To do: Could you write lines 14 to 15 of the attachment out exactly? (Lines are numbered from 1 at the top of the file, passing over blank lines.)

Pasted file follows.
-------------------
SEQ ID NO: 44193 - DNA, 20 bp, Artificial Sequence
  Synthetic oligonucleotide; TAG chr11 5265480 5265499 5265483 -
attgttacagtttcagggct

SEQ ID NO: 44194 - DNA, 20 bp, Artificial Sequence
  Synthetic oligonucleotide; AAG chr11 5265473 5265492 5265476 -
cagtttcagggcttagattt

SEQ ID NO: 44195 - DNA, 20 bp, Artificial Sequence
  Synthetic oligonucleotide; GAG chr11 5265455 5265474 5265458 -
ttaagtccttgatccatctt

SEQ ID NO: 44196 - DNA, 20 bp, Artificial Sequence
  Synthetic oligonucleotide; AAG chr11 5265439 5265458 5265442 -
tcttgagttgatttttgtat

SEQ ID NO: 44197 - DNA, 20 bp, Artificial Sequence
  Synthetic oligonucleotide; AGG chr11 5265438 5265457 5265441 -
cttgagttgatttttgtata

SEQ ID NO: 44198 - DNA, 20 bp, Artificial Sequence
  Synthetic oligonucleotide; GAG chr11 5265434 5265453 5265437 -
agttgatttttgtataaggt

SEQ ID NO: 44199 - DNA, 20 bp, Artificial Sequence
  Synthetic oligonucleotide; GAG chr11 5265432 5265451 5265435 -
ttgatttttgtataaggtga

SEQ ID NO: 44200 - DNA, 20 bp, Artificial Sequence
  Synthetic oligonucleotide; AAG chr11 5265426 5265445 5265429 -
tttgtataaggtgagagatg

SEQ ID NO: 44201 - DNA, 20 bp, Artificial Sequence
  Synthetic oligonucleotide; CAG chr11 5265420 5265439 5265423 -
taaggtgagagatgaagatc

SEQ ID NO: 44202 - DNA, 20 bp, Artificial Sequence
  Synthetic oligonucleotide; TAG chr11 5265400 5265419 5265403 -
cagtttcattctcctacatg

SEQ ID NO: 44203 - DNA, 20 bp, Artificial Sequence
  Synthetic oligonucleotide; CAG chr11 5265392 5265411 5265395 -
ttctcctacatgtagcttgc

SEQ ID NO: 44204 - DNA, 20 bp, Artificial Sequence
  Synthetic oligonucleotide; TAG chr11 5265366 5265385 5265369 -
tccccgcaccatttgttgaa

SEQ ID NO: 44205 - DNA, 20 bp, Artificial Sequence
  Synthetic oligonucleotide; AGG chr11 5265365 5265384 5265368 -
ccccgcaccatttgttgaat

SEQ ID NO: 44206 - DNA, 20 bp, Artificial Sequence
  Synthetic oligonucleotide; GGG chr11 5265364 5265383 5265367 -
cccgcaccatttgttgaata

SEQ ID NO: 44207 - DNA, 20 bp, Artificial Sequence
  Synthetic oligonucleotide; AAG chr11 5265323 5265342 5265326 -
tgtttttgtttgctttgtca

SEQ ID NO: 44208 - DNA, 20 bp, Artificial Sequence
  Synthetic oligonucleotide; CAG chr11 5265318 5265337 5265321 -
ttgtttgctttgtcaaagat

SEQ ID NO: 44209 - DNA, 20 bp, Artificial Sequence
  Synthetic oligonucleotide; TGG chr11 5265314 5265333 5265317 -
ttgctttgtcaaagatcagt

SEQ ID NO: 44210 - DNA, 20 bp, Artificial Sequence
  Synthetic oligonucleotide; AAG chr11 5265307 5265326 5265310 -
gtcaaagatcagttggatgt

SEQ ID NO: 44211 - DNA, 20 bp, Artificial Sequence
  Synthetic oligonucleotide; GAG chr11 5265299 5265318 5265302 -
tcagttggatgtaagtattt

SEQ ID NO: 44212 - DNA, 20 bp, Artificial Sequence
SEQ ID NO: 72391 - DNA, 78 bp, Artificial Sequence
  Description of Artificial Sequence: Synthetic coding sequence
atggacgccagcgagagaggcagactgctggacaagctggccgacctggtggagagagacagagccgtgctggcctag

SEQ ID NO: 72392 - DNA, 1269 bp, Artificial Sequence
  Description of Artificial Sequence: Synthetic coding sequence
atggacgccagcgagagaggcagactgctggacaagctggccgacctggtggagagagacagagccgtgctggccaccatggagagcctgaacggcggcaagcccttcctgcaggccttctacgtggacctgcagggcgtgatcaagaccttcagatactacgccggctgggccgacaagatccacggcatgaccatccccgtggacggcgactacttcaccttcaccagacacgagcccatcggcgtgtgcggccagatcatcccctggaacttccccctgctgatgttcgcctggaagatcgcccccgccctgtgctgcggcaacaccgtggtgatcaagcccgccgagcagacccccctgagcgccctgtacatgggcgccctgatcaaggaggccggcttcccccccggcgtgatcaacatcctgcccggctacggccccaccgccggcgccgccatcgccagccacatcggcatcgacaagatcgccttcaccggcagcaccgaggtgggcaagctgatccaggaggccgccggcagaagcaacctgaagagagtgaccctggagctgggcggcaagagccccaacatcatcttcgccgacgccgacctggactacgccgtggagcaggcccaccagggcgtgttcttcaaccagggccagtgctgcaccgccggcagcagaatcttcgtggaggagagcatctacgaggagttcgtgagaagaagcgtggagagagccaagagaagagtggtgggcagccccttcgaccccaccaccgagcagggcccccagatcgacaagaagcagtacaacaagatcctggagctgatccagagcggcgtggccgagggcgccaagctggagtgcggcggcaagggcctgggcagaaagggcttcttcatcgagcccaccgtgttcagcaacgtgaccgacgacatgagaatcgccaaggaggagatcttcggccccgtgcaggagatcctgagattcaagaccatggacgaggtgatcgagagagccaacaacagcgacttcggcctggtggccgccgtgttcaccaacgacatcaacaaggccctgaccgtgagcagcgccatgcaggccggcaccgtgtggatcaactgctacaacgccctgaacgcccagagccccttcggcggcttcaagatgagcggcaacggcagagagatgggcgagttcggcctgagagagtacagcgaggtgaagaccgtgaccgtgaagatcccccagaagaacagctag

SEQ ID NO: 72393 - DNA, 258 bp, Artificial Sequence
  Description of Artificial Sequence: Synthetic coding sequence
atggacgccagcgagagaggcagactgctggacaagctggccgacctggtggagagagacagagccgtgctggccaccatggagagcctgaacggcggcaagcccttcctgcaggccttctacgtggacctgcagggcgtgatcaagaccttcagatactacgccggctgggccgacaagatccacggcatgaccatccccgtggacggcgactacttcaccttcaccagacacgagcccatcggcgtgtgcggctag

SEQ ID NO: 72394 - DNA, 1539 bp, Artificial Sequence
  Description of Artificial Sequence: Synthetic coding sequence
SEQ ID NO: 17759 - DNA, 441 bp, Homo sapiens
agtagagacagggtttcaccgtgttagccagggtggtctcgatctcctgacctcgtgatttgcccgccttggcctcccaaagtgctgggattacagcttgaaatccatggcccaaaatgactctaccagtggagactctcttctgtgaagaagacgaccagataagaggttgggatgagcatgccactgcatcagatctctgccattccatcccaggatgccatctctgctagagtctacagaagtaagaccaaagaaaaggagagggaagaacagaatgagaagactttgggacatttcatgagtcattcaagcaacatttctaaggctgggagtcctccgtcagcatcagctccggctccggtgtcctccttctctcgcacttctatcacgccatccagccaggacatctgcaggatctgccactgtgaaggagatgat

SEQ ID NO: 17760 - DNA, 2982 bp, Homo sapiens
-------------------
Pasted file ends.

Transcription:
  Synthetic oligonucleotide; AGG chr11 5265438 5265457 5265441 -
cttgagttgatttttgtata